Where Do I Draw the Line? / Reading Problematic Authors

Instead of Top Ten Tuesday today I am sharing with you a discussion post that goes somewhat hand in hand with the prompt for today’s TTT: Books on my TBR I avoid.

A good year maybe two I was browsing through bookstagram late at night when I couldn’t sleep, as one does. I stumbled on a photo with The Mist of Avalon by Marion Zimmer Bradley in the picture. The caption alluded to the problematic behavior of the author that stopped them from continuing to read but they also weren’t able to unhaul the book, because a part of them wanted to finish it.

This is in no way meant to call this person out or anyone else for that matter. It just sparked the question in my head; ‘At what point does it end? What kind of problematic behaviour makes us turn away from an author? Unhaul? I’m not even talking about problematic things in a book but problematic behaviour of an author in real life. While I personally have unhauled my Zimmer Bradley book, it made me look at my shelves and wonder, where do I draw the line?

I’ll be honest and say that I’ve had this post in my wordpress drafts for a while and it took me a long time to be able to finish writing this blog post.

A Line Drawn

In case you aren’t familiar with Marion Zimmer Bradley she wrote the Avalon series, the series she is most known for. She passed away in 1999. In 2014 her daugther accused her and her husband of sexual abuse and that she wasn’t the only victim. Yet her books were also seen as having a feminist outlook. Personally I can’t look away with sexual abuse, especially of children that young. That is certainly a line I draw.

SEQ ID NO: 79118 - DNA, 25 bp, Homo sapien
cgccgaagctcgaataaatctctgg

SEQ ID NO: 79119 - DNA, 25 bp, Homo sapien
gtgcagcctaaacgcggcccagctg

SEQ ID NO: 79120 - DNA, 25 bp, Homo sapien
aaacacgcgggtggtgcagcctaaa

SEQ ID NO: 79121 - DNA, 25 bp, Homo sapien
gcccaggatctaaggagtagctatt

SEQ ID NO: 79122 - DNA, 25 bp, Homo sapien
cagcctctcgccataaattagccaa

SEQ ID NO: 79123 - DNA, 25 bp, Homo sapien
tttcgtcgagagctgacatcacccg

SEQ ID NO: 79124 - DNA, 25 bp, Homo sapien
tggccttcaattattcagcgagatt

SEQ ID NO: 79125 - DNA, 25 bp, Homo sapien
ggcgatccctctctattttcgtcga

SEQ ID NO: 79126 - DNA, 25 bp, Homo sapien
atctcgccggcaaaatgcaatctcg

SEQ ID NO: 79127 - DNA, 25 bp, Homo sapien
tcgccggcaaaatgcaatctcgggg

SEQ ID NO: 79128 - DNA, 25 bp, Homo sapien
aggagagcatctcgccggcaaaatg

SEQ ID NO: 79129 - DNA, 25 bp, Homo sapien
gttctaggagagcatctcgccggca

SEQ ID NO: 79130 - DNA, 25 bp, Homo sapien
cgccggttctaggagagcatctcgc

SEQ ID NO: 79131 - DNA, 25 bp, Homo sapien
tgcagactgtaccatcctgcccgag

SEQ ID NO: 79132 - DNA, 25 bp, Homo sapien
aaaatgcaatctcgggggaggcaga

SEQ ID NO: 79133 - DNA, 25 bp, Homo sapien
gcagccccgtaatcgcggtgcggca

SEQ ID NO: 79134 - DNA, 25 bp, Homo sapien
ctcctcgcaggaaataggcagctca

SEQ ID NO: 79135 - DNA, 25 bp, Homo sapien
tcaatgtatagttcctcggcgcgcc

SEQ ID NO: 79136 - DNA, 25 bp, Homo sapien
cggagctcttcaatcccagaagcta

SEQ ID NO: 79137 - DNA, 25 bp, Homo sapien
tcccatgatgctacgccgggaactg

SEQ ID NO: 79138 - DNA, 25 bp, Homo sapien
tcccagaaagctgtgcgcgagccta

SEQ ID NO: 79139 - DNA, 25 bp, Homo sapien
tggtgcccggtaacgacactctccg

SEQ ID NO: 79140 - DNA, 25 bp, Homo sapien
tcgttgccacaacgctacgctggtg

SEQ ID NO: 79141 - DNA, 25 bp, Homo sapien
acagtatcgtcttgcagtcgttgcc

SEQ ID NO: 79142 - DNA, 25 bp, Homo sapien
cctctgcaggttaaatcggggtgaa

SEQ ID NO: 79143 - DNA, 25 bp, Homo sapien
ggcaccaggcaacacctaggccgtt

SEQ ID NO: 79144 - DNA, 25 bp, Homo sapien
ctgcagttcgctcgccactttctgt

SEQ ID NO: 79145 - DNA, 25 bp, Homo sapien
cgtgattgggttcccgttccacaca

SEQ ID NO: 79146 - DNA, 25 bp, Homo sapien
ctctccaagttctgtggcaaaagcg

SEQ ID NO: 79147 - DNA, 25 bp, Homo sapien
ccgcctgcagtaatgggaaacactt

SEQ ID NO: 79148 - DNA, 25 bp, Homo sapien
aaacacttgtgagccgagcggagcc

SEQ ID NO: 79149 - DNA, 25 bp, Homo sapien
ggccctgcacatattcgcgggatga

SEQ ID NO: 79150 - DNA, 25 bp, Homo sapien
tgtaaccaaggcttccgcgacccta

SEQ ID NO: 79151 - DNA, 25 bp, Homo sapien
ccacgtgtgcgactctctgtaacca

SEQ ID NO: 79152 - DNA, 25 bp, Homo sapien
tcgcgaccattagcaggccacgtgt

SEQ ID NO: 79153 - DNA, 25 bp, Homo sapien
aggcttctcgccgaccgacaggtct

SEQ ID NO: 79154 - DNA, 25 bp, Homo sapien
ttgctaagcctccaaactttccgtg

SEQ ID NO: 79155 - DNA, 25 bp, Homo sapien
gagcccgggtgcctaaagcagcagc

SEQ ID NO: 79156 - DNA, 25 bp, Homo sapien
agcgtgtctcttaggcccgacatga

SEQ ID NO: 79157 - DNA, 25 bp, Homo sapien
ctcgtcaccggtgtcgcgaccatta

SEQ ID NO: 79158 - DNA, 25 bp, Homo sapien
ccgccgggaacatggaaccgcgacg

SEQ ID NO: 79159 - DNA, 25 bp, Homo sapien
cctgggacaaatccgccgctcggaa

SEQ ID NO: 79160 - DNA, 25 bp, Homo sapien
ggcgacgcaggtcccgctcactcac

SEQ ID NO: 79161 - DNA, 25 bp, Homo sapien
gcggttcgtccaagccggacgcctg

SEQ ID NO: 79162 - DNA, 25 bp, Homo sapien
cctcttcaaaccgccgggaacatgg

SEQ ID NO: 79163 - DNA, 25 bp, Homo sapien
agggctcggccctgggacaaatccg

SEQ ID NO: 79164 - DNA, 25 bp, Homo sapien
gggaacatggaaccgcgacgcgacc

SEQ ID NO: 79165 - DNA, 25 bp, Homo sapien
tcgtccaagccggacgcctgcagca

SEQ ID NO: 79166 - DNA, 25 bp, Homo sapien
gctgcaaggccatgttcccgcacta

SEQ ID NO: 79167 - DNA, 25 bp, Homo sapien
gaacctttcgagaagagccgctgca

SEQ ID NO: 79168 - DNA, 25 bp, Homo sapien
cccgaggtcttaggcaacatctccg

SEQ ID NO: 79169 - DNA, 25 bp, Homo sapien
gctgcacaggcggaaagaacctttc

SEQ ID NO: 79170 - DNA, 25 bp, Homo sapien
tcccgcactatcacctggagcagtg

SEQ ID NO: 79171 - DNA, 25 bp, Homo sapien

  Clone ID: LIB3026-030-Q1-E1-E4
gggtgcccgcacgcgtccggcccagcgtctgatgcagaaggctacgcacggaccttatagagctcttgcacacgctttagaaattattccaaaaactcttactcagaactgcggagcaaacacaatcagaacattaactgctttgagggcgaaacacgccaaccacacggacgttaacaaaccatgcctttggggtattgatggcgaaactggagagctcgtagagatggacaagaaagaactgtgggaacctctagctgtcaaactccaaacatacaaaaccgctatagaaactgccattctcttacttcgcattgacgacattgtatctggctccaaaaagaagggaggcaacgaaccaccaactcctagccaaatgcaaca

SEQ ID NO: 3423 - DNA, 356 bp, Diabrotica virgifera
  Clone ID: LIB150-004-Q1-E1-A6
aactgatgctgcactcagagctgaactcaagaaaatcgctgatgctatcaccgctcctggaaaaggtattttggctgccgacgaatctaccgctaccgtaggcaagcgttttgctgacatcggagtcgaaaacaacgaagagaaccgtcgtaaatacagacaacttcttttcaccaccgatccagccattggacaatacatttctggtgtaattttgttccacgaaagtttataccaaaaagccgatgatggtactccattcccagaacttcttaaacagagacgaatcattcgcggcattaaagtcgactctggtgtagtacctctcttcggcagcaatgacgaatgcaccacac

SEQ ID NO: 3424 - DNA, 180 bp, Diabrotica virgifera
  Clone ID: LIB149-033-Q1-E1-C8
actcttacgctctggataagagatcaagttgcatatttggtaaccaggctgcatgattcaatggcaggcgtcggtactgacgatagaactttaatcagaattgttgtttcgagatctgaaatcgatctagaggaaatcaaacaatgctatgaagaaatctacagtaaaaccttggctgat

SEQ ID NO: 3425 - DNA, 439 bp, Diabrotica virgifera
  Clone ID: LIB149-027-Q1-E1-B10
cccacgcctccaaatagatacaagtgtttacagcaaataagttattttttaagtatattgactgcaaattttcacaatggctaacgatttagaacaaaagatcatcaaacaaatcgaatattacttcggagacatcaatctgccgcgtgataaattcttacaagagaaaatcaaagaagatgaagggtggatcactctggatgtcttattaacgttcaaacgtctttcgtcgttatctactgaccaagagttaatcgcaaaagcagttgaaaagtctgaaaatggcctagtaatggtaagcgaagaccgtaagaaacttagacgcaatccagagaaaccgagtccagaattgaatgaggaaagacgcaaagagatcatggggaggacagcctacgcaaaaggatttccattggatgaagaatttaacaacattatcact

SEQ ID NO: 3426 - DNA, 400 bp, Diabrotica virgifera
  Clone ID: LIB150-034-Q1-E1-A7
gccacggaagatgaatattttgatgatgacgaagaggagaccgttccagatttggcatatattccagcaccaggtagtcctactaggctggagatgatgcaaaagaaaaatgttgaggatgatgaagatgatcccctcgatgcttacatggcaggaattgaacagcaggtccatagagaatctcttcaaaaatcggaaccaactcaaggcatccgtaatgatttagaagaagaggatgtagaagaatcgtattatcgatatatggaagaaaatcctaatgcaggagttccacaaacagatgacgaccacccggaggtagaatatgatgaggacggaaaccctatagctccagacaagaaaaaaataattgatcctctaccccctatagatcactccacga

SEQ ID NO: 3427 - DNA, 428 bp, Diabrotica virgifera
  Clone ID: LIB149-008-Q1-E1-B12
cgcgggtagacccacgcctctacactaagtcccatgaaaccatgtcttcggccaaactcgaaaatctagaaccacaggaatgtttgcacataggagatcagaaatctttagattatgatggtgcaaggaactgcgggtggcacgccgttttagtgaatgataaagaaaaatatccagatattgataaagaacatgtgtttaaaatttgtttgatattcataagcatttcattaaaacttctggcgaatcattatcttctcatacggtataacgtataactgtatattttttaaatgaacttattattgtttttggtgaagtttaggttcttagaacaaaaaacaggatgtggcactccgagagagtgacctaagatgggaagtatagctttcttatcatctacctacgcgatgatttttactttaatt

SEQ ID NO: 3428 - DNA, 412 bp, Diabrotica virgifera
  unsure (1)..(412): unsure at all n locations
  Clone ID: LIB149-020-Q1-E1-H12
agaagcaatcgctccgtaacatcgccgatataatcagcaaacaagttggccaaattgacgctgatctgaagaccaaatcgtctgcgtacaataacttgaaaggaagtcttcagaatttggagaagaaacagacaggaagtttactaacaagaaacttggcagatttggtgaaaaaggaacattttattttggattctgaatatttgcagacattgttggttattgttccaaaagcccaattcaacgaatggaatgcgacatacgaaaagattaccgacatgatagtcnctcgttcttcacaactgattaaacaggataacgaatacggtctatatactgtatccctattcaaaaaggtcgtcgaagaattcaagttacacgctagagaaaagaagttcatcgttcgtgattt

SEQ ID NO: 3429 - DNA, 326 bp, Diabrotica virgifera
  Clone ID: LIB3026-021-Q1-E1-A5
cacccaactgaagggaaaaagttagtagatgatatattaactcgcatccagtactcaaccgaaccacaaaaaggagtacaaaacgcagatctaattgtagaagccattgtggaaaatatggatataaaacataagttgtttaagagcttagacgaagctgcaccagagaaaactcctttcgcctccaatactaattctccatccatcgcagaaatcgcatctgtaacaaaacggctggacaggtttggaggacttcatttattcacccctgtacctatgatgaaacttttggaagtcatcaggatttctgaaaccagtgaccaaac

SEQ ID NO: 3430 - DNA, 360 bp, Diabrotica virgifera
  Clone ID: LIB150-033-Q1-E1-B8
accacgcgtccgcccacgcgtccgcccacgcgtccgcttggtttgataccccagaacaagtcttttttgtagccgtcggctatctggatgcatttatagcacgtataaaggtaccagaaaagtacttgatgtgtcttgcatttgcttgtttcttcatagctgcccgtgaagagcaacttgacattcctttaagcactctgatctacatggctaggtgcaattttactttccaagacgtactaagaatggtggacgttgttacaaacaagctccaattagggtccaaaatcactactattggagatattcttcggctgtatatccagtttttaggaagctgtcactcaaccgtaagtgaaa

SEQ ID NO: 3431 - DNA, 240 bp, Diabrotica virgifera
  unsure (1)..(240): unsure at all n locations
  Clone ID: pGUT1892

Crossing the Line?

Yet I have Roald Dahl still on my shelves and am for sure planning to read them with my son. And yet there is this thing nibbling in the back of my mind if that is the right thing to do. You see Roald Dahl was antisemitic. He publicly expressed dislike of Jews. In fact he wasn’t a pleasant man at all. I didn’t realize this until a blog I followed mentioned it in a post two years ago. It doesn’t seem to be common knowledge amongst many of his readers. Or they choose to ignore it.

Other Examples

Orson Scott Card is a well known SF author, most well known for Ender’s Game. He is also well known for being a homophobe and a racist. I watched the movie a few years ago and I was very excited to start his series. Up until the point I read about him speaking on Obama. That was the end. I won’t even bother getting his books from the library.

Ari and Dante Discover the Secrets of the Universe was a fun contemporary book I read. And you all know me and contemporary. The author Benjamin Alire Sáenz is not that pleasant. When a reviewer called out a scene in his book he then contacted this 17 year old and told them how wrong they were. It smelled of harassment and especially with a minor, not cool.

Everyone loves Harrry Potter. Okay not everyone, but most of us do. Yet J.K. Rowling isn’t exactly squaky clean. The fact that she attempts to add diversity after the fact into harry potter, like Dumbledore is gay, is not a good look. If you get backlash on the lack of diversity just say you’ll do better the next time. She also follows transphobic twitter users. There is a lot of debate on what this means and not everyone believes that she is transphobic, as she also follows a transgender activist. Read up on it and make up your mind. I wish I could say I would never buy a piece of HP merchandise again, but Harry Potter has always been something that combined a lot of people in the bookish community.